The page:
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Molecular insights into the biology of Greater Sage-Grouse

January 1, 2011

Recent research on Greater Sage-Grouse (Centrocercus urophasianus) genetics has revealed some important findings. First, multiple paternity in broods is more prevalent than previously thought, and leks do not comprise kin groups. Second, the Greater Sage-Grouse is genetically distinct from the congeneric Gunnison sage-grouse (C. minimus). Third, the Lyon-Mono population in the Mono Basin, spanning the border between Nevada and California, has unique genetic characteristics. Fourth, the previous delineation of western (C. u. phaios) and eastern Greater Sage-Grouse (C. u. urophasianus) is not supported genetically. Fifth, two isolated populations in Washington show indications that genetic diversity has been lost due to population declines and isolation. This chapter examines the use of molecular genetics to understand the biology of Greater Sage-Grouse for the conservation and management of this species and put it into the context of avian ecology based on selected molecular studies.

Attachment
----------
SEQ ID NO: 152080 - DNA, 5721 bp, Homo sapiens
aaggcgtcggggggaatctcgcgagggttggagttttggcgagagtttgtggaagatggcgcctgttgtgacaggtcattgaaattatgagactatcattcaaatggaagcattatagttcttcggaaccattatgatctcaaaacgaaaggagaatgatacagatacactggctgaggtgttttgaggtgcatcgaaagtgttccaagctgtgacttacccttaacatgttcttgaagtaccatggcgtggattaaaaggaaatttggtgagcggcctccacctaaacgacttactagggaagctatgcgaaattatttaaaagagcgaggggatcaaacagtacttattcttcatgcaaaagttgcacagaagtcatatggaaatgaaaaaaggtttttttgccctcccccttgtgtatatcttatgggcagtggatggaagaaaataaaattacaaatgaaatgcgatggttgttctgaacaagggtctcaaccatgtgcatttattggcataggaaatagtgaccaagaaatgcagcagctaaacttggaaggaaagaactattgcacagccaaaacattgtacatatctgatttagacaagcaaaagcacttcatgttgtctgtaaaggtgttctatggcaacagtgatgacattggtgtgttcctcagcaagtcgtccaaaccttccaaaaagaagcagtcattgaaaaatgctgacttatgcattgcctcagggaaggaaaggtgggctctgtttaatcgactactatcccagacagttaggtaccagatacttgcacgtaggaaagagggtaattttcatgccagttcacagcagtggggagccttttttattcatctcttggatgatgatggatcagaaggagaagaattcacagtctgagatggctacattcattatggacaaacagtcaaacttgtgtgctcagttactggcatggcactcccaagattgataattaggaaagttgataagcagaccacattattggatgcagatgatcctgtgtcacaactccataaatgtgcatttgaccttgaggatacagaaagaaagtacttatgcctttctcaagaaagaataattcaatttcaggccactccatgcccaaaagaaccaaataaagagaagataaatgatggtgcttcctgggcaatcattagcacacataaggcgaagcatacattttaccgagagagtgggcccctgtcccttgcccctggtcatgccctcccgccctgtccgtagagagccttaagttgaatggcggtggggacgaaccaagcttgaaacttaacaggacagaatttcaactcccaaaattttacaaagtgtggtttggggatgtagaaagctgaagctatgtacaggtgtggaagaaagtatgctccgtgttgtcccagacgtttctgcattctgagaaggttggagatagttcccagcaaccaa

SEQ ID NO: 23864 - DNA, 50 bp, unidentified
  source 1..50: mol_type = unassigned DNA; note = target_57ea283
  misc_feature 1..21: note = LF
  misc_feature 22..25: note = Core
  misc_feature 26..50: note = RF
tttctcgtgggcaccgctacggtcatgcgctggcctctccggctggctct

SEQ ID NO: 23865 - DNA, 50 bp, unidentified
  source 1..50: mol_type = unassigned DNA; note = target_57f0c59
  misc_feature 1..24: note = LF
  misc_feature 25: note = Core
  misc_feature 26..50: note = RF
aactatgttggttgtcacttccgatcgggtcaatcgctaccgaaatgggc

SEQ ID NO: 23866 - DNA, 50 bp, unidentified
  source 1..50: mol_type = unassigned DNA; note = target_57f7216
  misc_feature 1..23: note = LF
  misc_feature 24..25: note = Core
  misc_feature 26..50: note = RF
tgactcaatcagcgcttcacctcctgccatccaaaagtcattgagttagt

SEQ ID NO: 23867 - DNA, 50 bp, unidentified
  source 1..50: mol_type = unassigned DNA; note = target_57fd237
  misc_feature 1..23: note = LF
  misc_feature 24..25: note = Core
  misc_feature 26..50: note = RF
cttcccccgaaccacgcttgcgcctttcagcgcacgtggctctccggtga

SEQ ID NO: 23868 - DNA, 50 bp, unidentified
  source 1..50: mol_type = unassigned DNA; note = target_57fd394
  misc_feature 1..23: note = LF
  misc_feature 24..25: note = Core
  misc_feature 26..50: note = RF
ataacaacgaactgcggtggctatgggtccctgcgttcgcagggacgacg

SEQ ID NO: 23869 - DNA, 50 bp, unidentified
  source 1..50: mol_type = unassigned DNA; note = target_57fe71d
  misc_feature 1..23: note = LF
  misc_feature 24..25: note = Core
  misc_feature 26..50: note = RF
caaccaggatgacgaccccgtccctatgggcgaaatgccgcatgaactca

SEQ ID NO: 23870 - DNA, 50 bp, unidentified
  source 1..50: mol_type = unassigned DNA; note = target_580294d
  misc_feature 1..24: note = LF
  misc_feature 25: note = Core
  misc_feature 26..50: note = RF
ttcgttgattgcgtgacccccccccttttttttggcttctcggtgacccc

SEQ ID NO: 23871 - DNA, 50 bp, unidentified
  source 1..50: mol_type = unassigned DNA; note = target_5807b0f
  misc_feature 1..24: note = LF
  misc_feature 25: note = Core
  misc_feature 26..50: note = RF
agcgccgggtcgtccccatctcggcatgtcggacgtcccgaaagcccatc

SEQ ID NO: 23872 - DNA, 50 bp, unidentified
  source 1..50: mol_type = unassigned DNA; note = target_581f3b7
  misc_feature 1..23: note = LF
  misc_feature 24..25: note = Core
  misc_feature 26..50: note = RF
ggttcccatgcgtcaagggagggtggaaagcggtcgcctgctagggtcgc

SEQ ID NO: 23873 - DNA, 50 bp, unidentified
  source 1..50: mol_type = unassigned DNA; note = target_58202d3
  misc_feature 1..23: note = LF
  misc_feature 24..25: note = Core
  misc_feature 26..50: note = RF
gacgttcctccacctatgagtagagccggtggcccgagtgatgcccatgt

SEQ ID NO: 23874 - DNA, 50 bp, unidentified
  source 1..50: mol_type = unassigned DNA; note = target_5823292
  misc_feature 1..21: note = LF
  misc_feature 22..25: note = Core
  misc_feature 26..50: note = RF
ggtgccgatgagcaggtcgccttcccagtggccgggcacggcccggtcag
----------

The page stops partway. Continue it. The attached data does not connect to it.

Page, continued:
Publication Year 2011
Title Molecular insights into the biology of Greater Sage-Grouse
DOI 10.1525/california/9780520267114.001.0001
Authors Sara J. Oyler-McCance, Thomas W. Quinn
Publication Type Book Chapter
Publication Subtype Book Chapter
Index ID 70194387
Record Source USGS Publications Warehouse
USGS Organization Forest and Rangeland Ecosys Science Center; Fort Collins Science Center